Meanwhile, the Jews continued the subtle and methodical of infiltrating all the social movements of the various countries in order to sabotage their national goals and move them towards internationalism, which best served the sad condition of the landless Jews. Even in Italy the Jews were often times frequent obstacles to the attainment of certain goals necessary for the fulfillment of national aspirations, but here the struggle against the Jews never took on the character of violence, thanks to the particular ability of the Italic people to civilize others, and thanks to the power of immunity of Roman law.

But when a series of widespread social-political manifestations occurred, which started with the Treaty of Versailles and culminated with the establishment of the League of Nations, followed by the Great War of 1914-1918, down to the cry of the Germanic nation — which first suffered the damage of a hybrid Jewish-plutocratic coalition that stifled the rights, justice, freedom and the natural aspirations of the young and healthy people — Italy also rose up against the Jews with wise measures that severed their harmful activities.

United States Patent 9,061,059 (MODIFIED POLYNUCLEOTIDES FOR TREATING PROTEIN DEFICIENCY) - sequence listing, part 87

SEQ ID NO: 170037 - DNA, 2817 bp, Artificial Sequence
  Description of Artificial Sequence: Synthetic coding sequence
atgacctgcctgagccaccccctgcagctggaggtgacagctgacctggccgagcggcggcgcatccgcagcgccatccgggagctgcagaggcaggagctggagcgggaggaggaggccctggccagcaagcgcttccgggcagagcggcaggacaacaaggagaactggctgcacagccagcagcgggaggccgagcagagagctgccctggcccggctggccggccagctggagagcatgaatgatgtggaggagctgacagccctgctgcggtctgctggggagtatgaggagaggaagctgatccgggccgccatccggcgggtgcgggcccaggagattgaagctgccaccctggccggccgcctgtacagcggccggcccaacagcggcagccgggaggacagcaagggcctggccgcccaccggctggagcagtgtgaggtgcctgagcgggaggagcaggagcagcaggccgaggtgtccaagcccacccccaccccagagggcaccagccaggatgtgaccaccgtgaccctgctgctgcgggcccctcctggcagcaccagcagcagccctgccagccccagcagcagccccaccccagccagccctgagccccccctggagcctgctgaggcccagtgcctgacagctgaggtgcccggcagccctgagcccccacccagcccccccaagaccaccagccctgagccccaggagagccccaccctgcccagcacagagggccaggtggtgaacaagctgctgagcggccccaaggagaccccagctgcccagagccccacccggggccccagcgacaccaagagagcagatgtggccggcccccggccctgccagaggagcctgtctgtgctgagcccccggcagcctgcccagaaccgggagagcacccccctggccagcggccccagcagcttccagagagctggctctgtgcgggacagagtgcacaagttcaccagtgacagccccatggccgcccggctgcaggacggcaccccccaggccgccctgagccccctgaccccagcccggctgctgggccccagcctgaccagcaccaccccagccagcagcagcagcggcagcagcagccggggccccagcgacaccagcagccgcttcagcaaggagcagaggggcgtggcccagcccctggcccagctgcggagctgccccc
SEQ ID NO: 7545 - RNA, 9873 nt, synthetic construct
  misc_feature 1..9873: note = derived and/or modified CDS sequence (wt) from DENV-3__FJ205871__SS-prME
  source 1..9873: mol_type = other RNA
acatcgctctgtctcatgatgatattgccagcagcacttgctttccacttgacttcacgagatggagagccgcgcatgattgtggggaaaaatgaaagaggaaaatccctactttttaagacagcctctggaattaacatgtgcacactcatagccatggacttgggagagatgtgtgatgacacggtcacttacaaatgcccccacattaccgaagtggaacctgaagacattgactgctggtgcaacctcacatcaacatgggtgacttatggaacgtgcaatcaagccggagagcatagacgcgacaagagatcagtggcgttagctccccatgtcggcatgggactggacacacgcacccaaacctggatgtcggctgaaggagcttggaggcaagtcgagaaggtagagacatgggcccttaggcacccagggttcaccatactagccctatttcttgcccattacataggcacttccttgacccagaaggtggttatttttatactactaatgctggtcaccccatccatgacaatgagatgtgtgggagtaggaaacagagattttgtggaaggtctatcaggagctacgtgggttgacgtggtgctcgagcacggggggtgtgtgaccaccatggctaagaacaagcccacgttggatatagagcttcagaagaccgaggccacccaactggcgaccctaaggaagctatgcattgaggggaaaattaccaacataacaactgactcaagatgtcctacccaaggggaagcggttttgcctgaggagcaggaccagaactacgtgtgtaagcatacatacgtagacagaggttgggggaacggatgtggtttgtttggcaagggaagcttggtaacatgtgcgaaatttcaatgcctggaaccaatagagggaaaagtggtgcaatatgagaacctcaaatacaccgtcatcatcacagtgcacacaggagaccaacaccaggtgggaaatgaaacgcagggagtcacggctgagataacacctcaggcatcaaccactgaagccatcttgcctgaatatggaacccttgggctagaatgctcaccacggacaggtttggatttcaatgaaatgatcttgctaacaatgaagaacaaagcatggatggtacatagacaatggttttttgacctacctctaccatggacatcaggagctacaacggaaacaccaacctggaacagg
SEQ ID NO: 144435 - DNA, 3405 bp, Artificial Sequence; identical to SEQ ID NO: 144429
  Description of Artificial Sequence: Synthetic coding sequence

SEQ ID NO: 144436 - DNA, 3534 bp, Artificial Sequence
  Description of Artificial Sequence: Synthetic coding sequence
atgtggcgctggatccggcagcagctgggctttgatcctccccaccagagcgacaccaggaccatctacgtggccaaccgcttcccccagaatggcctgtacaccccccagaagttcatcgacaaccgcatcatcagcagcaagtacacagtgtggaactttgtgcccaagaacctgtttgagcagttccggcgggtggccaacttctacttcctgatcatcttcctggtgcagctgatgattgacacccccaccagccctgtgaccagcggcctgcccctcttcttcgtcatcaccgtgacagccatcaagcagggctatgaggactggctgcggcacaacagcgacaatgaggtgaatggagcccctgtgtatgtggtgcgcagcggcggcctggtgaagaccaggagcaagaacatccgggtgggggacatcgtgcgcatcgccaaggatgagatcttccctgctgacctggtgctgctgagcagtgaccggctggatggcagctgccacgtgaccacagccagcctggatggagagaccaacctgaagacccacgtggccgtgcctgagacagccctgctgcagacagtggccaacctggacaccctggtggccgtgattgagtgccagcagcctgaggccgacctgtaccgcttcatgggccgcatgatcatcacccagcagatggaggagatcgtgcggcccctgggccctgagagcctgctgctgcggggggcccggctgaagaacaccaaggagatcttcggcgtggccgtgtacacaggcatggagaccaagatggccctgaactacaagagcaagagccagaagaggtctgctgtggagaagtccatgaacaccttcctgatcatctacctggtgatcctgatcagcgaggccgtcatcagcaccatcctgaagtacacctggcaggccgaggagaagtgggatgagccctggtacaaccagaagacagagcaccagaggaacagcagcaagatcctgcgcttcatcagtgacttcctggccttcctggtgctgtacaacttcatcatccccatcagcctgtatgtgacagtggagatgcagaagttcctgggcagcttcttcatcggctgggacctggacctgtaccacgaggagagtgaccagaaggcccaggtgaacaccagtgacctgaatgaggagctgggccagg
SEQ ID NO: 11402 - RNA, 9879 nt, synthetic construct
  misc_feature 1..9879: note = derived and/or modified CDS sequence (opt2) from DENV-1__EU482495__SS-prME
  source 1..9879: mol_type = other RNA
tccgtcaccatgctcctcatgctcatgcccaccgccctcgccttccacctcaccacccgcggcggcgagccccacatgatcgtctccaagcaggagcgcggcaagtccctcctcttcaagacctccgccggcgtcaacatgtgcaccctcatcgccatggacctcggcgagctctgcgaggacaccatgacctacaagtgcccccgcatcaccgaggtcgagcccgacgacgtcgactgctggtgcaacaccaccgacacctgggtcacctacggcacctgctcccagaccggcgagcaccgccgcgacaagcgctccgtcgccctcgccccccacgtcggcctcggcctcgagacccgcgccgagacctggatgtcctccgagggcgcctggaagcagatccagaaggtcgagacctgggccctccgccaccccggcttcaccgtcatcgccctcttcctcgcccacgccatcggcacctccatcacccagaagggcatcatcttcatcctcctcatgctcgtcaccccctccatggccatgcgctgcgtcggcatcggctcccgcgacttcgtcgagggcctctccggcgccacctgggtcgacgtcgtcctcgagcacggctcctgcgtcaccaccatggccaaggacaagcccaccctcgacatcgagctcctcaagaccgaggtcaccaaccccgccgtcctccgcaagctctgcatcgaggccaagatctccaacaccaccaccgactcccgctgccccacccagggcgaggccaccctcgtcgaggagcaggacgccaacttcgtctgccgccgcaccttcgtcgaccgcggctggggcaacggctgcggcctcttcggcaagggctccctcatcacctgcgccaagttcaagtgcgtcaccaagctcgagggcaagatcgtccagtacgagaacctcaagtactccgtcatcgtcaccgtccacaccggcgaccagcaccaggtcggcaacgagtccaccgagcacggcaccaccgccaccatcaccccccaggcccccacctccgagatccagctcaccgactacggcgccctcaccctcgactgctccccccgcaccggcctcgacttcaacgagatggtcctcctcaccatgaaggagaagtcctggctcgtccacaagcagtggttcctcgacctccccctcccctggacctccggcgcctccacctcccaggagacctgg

In Germany, the struggle became definitive because the government was forced to take radical action against the Jewish element that infected all the vital branches of the nation.

A typical example of the gravity of Jewish infiltration in Central and Eastern Europe is given by the recent events in Poland; it is sufficient to remember that in Warsaw alone the Jews have reached the large sum of 500,000 individuals. The disadvantages caused by this huge mass of individuals, among whom hygiene was nonexistent with all due respect, were so many and such that Germany had to intervene with severely restrictive measures.